4. brakeservo

    While the body looks like a ‘Southern’ replica to me, it’s easy enough to determine – the RREC in UK will have all the original records which will include the coachwork, original owner, sometimes subsequent owners as well. Buying one of these long distance is akin to Russian Roulette if the seller is less than forthcoming, cylinder heads are notoriously weak on these, cracks common and usually not fixable and while a new head can be found, be prepared to part with the cash equivalent of a small new Hyundai or Kia just for that one part. Considering that a proper engine rebuild can swallow up fifty large if enough things are wrong, I’d never ever consider one of these without a personal inspection. Even a “running” engine can be so screwed up yet still run that you can easily acquire a nightmare you’ll always regret. This is coming from a guy who’s owned 232 Bentley & Rolls-Royce motorcars so far in my life, the earliest being a 1932 Rolls 20/25 similar to this, the latest a 1965 Cloud III.

    • Vassilis Greece

      Hi my friend,
      I am seriously considering buying this RR but since you have been in the field so many years, I want your advice.
      The car was built as a 4 door saloon. This I have confirmed with owner. No one knows the coach builder. Does it make sense to buy it at the range of €60.000 or is too much for a car that has been sitting for 20 years or so and has electrical issues and an engine that just fired up. It’s not a confirmed running car. Does it worth flying over to Norway to have a look or the price is too high?

      • brakeservo

        As I suspected, this is a re-body. But it’s quite attractive but will always be known as a re-body but considering the potential horrendous mechanical issues – as I stated before, these are known for cracking heads and new ones are about $15,000 US I would never ever consider buying this without a first hand inspection. Even though the body is probably primarily aluminum so rust is not an issue – there’s the potential for something worse than rust – and that is rotted wood framing. If you open the doors and they drop a bit – it’s going to need expensive framing work. And once you spend all that money, it may never really appreciate financially as there will always be those who consider it to be less than a legitimate car. As far as being an unknown coachbuilder, chances are better than not that it’s by Southern who built a whole business plan around re-bodying ugly four-door saloons and limousines. I think however it’s potentially a very attractive car and will be lots of fun for whoever spends whatever it takes to resurrect it – and I suspect it will be a lot! If you really want as close to perfect a car as you can get – this is a shameless plug – here is my personal Bentley R Type on Bring-A-Trailer Auctions right now – http://bringatrailer.com/listing/1953-bentley-r-type/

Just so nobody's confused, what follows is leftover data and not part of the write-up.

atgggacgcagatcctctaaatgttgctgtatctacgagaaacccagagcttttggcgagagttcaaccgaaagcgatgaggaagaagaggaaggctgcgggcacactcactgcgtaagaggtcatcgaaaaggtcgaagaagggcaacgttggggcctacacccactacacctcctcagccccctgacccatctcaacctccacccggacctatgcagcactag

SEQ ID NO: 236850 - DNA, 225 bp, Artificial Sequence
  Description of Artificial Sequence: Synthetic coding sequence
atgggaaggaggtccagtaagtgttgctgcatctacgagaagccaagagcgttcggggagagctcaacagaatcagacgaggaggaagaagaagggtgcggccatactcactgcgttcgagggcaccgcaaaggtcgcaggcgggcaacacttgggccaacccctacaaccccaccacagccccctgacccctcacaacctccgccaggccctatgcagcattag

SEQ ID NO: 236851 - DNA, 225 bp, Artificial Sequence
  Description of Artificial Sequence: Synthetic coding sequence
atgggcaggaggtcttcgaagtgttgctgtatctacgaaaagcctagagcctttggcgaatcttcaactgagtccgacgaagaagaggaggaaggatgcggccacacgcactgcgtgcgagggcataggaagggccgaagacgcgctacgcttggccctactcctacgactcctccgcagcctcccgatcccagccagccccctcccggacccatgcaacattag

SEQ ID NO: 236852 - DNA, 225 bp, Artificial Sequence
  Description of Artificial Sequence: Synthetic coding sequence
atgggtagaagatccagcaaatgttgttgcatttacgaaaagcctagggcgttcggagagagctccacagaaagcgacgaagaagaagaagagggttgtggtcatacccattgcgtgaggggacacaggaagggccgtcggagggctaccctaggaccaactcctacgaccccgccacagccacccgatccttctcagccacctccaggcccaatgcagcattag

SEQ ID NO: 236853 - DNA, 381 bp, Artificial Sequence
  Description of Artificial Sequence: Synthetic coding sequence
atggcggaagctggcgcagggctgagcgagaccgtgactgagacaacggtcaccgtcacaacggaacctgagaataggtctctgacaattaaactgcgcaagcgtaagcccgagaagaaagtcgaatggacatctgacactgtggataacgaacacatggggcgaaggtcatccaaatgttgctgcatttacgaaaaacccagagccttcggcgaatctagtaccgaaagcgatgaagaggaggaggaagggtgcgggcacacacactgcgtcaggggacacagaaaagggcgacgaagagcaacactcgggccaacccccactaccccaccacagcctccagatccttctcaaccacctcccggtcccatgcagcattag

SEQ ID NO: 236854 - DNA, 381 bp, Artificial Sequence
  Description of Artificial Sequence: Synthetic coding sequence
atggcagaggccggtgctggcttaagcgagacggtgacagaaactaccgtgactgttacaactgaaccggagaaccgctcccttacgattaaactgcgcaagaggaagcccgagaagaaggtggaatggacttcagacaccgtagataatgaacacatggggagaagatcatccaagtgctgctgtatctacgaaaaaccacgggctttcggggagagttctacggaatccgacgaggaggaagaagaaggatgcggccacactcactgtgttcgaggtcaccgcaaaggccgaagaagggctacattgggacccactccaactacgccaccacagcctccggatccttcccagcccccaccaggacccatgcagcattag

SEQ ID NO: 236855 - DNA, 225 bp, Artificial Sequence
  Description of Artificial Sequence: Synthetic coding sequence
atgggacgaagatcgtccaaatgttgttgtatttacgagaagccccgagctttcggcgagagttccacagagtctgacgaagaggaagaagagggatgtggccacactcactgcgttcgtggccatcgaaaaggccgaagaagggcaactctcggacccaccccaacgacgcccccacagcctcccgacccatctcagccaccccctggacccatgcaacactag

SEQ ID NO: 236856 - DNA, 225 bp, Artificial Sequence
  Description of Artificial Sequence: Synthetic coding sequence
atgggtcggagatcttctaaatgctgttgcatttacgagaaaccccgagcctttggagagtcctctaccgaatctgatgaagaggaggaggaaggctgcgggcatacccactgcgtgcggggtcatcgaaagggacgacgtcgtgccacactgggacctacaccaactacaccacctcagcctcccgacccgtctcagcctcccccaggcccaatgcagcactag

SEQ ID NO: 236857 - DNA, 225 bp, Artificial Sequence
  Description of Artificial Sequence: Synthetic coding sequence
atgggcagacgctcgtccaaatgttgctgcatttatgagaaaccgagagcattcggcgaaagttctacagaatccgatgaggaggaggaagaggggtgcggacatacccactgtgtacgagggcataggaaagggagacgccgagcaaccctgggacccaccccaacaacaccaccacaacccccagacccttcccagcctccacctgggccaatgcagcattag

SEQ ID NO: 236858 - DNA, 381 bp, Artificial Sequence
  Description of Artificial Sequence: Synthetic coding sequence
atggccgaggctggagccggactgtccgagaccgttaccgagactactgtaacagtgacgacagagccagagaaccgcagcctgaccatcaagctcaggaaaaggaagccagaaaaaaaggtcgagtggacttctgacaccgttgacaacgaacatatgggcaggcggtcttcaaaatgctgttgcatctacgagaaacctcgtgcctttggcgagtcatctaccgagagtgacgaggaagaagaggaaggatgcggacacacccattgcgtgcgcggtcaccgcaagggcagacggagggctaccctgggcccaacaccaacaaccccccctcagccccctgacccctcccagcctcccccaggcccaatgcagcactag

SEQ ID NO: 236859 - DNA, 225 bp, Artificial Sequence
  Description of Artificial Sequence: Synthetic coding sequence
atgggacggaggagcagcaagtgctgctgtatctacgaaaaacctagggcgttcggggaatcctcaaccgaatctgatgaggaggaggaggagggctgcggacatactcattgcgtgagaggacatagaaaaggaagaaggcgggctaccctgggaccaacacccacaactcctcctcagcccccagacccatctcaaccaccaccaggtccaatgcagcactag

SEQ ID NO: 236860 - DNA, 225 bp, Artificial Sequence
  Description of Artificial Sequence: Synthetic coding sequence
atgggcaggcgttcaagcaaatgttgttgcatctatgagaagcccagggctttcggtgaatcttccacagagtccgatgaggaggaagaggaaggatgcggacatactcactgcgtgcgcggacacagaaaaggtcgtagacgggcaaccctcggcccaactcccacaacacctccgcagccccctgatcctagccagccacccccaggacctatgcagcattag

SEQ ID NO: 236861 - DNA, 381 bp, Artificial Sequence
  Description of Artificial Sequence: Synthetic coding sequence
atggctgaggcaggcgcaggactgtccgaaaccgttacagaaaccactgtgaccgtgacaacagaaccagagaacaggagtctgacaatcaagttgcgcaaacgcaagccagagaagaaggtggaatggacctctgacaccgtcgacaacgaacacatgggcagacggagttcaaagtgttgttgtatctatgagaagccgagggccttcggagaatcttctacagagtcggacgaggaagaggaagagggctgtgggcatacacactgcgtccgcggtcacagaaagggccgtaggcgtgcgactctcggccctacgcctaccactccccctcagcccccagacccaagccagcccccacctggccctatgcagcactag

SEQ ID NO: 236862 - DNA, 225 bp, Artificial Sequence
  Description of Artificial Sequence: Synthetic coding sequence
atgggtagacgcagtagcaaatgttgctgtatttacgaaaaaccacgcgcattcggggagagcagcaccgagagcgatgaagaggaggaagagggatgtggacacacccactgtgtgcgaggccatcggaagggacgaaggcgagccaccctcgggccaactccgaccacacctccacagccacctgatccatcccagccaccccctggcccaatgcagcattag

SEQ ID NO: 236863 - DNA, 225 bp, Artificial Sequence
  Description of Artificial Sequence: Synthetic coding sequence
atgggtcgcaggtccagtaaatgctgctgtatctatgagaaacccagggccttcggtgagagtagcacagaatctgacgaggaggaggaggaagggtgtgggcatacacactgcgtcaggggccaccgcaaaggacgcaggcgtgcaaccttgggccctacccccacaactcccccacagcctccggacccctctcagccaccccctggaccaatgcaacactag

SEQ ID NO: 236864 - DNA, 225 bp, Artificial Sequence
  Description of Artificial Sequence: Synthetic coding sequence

It will be less costly to own, and can be used immediately and comes with a substantial stock of spare parts.

    • Vassilis Greece

      Thank you for the elaborate email. Your car is awesome but I don’t like 4 door cars. The point for this red RR is the inspection you are right. But how much you believe this car may fetch if done properly knowing that it is an earlier body car?
      I like the shape but I am not romantic to spent a fortune on a vehicle that does not worth it and will not worth it.
      I would also propose to you, if you have time, to go check the car together if you believe this might bring some more light into the purchase. Of course expenses on me.
      Take care
      Vassilis

  5. Mike Ellis

    Rolls-Royce motor cars were bodied by various Coachbuilders. The Lemay collection has a very similar Rolls; http://www.lemaymarymount.org/vehicle.php?vID=413
    Both cars appear to be 3-Position Drop Head Coupes (convertible coupe to us Yanks).

  6. George

    Google images, while far from definitive, shows nearly every RR from that period and body style does not have a trunk, but a trunk. :-) The full coaches may not have a trunk though.

  7. brakeservo

    The Brits refer to the luggage compartment as a boot, and many Rolls were built with integral boots, whether the car was a limo, saloon, drophead etc.